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The physical and emotional toll of firefighting

On Behalf of | May 23, 2022 | Police/fire Work Injuries |

Firefighters are rightfully thought of as heroes among the majority of the general public. They dedicate their lives to saving other people

While this is admirable, the vocation is not without drawbacks. Obviously, firefighting is extremely dangerous. Outlined below are some of the more challenging obstacles that firefighters face.

The physical risks

Of course, the biggest danger to firefighters is the flames that they face when tackling blazes. It only takes minutes for a fire that seems under control to become deadly. The flames are dangerous in more than one way though. Fires generally emit toxic fumes. If these are inhaled, they can result in significant injuries and even fatalities.

The job itself can also be extremely demanding physically. Firefighters commonly have to lift objects out of the way to free people who are trapped. They also have a limited time in which they can act, as blazes soon get out of control. This means rushing from one location to another, which increases the likelihood of vehicle collisions, falls and other potential injuries.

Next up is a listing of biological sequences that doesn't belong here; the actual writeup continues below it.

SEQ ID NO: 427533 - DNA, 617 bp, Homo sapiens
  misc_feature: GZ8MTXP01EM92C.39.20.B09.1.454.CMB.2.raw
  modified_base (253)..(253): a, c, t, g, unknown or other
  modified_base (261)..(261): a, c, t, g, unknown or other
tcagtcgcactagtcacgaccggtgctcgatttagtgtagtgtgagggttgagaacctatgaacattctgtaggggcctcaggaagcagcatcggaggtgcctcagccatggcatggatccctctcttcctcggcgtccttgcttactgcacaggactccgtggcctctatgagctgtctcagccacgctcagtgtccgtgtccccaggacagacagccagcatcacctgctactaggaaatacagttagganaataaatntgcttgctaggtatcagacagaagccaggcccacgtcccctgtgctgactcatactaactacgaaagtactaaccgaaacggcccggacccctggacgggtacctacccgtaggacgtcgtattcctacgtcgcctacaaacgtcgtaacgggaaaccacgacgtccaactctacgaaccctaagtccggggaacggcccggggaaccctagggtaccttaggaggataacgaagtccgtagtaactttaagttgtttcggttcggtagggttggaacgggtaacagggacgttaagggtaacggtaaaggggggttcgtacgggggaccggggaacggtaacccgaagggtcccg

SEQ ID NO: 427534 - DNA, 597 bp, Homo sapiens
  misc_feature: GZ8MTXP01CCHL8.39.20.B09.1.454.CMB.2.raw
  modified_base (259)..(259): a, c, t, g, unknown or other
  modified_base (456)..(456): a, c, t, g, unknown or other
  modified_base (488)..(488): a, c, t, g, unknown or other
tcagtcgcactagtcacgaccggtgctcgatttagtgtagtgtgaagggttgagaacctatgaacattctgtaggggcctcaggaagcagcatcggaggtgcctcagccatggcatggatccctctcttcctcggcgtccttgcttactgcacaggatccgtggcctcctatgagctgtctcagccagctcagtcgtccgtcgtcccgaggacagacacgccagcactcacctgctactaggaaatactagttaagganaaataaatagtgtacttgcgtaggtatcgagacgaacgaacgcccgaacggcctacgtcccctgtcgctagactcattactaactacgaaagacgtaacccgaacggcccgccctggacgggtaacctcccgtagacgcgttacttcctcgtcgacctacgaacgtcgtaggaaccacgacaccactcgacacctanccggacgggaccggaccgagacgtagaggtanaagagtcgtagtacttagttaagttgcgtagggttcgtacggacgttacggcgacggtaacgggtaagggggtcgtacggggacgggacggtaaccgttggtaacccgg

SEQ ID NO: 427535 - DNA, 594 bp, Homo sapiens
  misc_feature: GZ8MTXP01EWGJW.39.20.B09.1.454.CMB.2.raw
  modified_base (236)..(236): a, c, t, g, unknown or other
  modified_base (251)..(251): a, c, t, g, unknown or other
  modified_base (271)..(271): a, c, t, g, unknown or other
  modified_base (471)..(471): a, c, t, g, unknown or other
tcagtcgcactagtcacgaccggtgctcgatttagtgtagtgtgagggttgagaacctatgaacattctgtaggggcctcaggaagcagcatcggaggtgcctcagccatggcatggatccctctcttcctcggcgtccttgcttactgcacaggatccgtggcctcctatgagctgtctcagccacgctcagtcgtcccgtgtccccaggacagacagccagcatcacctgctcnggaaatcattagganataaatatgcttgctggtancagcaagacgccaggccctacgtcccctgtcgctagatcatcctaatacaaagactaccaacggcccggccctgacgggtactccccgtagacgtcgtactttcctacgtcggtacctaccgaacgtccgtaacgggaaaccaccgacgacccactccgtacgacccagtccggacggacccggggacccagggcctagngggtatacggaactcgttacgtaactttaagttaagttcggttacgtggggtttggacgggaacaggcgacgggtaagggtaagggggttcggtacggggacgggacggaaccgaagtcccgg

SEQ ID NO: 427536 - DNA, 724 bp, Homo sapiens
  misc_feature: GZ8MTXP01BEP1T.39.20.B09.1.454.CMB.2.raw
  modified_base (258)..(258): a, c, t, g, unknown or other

Psychological trauma

The downside of trying to save people for a living is that sometimes you aren’t able to. This can take a severe emotional toll on emergency responders. Firefighters commonly suffer from post-traumatic stress disorder (PTSD). They may become chronically depressed and relive the incident through daily flashbacks. It’s vital to remember that psychological injuries can be just as debilitating as those that are physical.

While firefighting can be risky, your health matters. It should not be neglected by your employers. If you’ve been injured during the course of your duties, make sure you get the compensation you need for medical bills, lost wages and more.

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